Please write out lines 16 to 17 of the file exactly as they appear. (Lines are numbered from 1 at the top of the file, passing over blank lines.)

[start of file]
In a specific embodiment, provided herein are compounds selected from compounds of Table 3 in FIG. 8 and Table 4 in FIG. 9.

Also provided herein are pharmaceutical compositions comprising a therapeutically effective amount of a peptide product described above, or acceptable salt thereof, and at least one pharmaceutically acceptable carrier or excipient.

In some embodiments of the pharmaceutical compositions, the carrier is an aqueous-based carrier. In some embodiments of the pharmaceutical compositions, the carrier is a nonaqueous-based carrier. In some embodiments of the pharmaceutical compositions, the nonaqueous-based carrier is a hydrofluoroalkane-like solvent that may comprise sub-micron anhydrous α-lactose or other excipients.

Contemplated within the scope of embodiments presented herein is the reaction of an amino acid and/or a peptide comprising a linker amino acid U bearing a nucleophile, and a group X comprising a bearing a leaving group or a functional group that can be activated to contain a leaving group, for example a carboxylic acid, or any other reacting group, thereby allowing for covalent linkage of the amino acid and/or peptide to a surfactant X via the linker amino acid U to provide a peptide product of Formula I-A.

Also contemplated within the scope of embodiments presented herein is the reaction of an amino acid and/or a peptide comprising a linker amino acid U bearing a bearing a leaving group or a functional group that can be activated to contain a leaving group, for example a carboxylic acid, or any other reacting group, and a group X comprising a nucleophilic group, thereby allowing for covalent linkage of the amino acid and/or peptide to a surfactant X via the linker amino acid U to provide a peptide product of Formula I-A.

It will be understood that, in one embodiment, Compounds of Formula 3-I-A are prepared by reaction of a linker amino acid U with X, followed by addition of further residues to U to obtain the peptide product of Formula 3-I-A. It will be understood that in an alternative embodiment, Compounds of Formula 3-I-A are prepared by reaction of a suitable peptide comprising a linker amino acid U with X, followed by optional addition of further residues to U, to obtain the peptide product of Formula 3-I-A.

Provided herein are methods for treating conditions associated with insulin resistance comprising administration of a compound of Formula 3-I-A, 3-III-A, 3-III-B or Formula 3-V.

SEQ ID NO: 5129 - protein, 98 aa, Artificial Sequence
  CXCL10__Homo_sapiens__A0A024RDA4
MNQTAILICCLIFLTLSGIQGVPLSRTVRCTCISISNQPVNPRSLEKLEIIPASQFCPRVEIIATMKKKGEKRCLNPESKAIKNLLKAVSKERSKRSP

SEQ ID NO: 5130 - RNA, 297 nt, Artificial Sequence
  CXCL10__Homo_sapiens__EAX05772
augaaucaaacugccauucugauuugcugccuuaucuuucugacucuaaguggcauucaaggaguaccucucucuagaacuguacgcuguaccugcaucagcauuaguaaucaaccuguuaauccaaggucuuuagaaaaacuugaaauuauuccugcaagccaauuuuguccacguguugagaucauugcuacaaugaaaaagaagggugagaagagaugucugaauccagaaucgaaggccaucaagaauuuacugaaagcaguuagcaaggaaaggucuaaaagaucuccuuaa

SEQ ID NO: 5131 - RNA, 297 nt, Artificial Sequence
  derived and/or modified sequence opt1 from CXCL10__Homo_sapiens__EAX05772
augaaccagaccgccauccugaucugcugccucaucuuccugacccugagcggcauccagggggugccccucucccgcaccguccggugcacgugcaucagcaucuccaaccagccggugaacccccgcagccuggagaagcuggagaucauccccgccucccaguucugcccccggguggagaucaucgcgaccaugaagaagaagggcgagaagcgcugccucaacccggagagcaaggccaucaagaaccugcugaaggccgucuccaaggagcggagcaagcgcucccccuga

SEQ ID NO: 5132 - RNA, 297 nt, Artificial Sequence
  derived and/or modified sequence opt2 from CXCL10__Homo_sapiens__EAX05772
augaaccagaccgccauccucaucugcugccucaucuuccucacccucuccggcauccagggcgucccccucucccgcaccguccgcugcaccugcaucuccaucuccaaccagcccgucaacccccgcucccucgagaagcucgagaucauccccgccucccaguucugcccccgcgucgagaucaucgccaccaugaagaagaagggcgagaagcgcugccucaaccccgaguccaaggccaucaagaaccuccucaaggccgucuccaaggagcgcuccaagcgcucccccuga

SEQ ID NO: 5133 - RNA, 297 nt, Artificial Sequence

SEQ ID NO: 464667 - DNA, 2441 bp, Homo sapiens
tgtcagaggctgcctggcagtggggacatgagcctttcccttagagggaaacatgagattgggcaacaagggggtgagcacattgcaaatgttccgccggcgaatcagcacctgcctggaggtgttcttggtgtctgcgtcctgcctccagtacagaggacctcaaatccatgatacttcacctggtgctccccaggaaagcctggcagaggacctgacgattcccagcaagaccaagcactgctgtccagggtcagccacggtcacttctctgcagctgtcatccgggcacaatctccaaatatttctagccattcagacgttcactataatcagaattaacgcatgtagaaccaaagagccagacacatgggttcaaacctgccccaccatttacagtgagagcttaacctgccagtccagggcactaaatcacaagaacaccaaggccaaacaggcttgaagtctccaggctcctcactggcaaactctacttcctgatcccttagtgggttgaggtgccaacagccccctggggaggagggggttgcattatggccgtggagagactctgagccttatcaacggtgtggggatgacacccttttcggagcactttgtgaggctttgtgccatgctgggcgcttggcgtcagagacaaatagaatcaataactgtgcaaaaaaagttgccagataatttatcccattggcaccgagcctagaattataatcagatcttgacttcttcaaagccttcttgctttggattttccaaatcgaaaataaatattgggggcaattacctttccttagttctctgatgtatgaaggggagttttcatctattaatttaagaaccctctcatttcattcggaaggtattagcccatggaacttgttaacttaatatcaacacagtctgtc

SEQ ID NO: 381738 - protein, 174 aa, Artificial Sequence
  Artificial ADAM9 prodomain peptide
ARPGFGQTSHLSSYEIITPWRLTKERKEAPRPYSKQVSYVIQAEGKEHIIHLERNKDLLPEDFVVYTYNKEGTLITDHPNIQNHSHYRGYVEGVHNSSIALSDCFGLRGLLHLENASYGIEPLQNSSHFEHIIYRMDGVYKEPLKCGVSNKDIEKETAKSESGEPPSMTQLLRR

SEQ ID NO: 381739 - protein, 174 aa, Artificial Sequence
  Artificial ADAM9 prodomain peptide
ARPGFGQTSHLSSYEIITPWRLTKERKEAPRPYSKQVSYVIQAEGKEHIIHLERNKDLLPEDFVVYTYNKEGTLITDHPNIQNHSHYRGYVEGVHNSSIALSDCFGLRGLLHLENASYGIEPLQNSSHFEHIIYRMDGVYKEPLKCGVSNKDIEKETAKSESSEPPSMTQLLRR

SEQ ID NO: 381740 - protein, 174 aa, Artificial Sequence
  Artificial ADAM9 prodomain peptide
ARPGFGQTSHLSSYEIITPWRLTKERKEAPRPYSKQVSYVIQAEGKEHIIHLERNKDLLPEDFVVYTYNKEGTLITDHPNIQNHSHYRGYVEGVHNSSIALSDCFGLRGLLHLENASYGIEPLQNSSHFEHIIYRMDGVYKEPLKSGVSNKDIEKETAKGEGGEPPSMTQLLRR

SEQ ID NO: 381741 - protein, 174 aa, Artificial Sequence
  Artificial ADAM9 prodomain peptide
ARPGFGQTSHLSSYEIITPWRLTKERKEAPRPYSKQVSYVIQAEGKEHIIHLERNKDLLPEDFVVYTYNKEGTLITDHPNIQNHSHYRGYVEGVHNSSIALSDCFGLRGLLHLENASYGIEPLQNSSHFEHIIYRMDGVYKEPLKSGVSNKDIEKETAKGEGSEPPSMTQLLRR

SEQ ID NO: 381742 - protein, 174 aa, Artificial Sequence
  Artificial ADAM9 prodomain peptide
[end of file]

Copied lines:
augaaccagaccgccauccugaucugcugccucaucuuccugacccugagcggcauccagggggugccccucucccgcaccguccggugcacgugcaucagcaucuccaaccagccggugaacccccgcagccuggagaagcuggagaucauccccgccucccaguucugcccccggguggagaucaucgcgaccaugaagaagaagggcgagaagcgcugccucaacccggagagcaaggccaucaagaaccugcugaaggccgucuccaaggagcggagcaagcgcucccccuga

SEQ ID NO: 5132 - RNA, 297 nt, Artificial Sequence